From his side, the Minister of Agricultural Policies Maurizio Martina is convinced of the strict controls inside the Italian oil industry and he is confident that the EU will follow the conditions to safeguard the European oil sector. At the same time, he is suspicious of the effects it can have on Italy. A quite controversial position.
Nonetheless, the control in this sector in Italy has not been that strict. For instance, less than one year ago seven of Italy’s well-known olive oil companies (between them Bertolli, Carapelli and Antica Badia) have been investigated for fraud. In particular, they have been accused of passing off low quality olive oil for extra-virgin one (of higher quality and thus more expensive). The issue has not passed unnoticed since olive oil represents one of the most prominent products representing Italy and exported all over the world.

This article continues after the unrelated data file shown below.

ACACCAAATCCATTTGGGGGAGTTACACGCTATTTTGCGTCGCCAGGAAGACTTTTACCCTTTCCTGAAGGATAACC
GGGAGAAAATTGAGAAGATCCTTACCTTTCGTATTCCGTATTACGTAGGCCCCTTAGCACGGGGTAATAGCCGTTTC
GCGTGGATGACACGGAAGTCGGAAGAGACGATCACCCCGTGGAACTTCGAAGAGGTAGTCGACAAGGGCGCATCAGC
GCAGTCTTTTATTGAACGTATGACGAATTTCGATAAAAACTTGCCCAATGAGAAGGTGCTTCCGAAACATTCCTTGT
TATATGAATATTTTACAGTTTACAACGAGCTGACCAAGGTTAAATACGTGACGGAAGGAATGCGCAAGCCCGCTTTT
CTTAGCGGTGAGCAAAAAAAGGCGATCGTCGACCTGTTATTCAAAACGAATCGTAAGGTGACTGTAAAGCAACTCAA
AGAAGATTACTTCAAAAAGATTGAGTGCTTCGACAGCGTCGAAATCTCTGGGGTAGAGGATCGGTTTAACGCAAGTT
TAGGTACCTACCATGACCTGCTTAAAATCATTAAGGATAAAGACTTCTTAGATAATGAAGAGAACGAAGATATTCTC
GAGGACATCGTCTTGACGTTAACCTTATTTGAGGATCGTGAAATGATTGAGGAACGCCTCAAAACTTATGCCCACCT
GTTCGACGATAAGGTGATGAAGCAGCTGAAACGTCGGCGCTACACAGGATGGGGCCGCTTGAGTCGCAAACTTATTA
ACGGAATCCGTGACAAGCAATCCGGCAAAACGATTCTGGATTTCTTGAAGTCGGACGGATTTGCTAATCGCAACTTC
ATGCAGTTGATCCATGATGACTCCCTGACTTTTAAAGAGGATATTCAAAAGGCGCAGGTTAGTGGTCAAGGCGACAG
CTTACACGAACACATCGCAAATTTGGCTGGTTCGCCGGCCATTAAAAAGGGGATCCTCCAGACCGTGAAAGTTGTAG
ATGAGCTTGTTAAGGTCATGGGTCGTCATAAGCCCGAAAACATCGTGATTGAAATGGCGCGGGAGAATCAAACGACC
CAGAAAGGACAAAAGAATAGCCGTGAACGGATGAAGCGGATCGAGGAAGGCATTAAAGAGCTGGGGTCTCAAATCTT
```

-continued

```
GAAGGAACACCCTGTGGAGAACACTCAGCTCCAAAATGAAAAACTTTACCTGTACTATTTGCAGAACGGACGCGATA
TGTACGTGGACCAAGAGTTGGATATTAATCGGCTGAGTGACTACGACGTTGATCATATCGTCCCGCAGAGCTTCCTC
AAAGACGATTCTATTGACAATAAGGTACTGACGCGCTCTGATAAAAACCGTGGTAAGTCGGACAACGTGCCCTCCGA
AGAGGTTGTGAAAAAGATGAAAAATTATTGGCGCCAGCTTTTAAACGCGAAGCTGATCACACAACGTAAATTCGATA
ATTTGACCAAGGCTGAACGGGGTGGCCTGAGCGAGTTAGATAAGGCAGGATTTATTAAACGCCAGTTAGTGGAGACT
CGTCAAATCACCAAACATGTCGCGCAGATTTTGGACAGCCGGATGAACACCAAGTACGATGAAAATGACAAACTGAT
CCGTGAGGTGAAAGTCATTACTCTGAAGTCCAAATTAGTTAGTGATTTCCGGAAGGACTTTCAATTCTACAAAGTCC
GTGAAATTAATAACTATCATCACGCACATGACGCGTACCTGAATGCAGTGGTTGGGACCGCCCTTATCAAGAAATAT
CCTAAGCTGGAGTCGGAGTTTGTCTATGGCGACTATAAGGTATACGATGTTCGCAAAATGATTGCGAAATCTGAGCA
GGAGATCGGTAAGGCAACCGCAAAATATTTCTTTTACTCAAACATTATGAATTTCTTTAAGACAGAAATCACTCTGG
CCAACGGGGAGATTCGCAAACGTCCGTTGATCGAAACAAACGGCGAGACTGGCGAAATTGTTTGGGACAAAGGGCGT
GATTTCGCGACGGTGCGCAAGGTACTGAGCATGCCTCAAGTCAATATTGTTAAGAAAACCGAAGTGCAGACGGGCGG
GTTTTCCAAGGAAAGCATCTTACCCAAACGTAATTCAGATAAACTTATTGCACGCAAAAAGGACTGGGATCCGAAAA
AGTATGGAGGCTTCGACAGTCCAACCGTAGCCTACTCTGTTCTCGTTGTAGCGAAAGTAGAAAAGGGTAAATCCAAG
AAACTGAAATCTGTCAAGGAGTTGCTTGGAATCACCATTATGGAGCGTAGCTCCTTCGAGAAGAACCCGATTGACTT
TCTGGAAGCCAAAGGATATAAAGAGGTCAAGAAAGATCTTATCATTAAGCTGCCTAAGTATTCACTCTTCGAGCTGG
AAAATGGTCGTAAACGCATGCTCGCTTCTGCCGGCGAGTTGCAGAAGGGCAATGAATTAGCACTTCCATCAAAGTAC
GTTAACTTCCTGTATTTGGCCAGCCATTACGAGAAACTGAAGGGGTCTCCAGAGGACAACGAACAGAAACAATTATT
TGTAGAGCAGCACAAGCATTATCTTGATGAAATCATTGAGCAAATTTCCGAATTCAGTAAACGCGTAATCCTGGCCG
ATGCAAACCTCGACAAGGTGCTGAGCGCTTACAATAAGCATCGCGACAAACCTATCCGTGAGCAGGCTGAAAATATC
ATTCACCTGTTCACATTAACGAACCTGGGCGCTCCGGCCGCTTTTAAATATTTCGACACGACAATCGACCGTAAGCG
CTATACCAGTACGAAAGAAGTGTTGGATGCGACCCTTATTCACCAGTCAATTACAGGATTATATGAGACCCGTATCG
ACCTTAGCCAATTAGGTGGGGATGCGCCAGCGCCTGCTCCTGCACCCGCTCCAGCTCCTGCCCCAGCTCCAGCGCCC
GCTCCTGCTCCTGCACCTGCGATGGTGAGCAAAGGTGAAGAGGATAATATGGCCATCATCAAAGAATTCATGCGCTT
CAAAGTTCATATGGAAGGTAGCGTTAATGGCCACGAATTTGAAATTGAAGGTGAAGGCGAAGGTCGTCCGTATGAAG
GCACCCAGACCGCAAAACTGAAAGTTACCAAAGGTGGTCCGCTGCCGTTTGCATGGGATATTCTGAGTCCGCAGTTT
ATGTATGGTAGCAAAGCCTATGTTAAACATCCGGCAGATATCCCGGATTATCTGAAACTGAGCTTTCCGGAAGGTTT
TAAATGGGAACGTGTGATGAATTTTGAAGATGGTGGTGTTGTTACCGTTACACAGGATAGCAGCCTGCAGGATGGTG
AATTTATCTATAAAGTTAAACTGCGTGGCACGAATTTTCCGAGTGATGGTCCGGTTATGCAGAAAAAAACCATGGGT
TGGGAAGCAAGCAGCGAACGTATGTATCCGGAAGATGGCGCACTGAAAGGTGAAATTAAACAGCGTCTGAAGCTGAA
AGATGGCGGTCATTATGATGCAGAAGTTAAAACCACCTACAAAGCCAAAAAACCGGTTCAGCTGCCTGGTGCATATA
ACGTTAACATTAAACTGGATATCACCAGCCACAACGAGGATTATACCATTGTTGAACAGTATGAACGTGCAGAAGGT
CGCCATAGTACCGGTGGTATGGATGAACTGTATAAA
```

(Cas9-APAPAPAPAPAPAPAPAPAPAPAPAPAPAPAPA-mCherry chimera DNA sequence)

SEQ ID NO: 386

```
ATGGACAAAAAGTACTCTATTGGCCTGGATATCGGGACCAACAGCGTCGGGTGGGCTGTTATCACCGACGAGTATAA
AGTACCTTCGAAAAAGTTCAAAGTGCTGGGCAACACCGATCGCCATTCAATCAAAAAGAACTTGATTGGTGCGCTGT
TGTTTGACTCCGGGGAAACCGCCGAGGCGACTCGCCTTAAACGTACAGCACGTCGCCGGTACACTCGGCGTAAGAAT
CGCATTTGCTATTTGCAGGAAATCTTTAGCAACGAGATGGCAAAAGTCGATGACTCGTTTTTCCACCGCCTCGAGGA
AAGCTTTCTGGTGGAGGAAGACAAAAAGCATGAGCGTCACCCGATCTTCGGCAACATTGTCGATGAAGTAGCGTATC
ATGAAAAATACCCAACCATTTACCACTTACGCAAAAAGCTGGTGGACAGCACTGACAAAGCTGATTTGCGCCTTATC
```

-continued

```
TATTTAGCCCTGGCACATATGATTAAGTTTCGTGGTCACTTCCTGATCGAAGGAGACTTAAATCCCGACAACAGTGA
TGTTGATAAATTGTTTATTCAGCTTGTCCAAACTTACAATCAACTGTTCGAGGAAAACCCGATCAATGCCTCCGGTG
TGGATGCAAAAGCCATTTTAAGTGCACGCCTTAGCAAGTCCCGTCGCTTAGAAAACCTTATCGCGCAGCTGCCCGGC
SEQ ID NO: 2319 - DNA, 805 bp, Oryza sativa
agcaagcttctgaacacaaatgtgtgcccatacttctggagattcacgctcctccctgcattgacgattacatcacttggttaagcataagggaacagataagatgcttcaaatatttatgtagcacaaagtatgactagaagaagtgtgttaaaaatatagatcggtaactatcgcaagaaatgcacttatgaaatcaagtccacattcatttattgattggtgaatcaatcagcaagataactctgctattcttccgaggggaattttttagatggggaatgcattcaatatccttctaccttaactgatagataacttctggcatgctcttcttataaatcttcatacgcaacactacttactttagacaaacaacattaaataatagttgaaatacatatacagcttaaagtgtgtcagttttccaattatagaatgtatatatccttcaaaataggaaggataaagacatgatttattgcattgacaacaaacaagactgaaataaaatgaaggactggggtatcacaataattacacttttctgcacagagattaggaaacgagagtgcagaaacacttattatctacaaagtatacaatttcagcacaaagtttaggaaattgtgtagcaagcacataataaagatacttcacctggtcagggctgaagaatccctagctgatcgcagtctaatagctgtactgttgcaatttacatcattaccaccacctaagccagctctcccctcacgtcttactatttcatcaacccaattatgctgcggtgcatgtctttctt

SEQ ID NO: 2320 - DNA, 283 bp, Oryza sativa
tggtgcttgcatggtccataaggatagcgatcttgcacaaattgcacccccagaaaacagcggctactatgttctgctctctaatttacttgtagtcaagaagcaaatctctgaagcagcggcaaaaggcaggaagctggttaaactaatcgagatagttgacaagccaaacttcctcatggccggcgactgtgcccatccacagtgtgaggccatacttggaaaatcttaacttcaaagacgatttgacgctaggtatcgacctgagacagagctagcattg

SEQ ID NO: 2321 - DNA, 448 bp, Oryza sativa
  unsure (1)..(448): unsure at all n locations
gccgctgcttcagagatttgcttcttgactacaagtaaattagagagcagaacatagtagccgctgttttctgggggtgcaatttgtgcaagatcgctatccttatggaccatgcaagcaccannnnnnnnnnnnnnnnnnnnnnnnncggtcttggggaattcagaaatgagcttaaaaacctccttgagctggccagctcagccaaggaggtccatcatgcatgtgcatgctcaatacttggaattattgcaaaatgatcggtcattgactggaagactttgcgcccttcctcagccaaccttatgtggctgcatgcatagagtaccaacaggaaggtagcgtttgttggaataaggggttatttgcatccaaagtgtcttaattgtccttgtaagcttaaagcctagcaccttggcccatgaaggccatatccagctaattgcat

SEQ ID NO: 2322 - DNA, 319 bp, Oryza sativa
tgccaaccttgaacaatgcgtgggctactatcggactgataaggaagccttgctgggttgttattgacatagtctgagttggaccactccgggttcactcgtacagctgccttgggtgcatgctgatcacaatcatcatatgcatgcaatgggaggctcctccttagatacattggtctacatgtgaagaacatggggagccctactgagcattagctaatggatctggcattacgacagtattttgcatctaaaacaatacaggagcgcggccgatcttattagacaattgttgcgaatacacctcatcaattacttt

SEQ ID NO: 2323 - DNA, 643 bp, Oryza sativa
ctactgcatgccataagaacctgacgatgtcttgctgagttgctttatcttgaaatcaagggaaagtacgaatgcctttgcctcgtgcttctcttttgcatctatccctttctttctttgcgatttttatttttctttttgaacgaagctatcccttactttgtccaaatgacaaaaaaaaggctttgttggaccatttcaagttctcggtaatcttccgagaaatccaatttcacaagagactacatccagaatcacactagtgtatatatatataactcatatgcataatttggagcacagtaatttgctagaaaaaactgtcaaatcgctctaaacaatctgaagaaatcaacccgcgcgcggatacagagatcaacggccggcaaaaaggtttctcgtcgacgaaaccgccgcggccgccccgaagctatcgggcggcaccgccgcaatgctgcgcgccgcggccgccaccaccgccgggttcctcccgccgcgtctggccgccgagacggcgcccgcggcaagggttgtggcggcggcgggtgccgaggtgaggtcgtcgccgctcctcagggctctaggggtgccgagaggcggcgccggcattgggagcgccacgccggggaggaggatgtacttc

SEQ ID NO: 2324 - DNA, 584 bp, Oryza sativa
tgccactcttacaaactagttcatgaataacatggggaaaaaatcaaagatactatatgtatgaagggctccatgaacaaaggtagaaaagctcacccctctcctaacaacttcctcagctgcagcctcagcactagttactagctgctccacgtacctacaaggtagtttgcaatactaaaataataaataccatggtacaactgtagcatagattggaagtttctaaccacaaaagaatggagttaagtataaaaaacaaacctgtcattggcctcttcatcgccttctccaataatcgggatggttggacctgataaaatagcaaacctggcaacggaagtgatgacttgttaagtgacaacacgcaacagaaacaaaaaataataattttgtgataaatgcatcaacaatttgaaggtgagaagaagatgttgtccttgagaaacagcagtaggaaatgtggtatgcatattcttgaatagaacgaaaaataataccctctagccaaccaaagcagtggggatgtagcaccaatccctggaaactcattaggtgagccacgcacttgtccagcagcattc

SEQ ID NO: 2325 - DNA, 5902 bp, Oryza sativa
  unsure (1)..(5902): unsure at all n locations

This is why politicians are not the only class worried about the issue. The main concern for the free trade of olive oil comes from Italian farmers. In particular the agriculture organization Coldiretti held a protest in Catania soon after the decision was made. Many people do not understand why, after an increase of imports of olive oil from Tunisia to Italy in 2015, they would have extended this favor to a free access to the EU market for more years. The President of Coldiretti, Roberto Moncalvo, talked of an attack to the ‘Made in Italy.’ Another concern is that this new amendment can lead to more frauds in the olive oil sector. The organization and its members fear that Italian oil can be mixed with low quality oil and then labeled and packed in a way that gives it the resemblance of being pure Italian. As a consequence, Tunisian oil can be and then sold for a special price and put easily in the international market. Moreover, producers are worried about another danger: that the weather condition and the plant pathogen Xylella Fastidiosa can further damage olive groves as it happened in Puglia in 2014.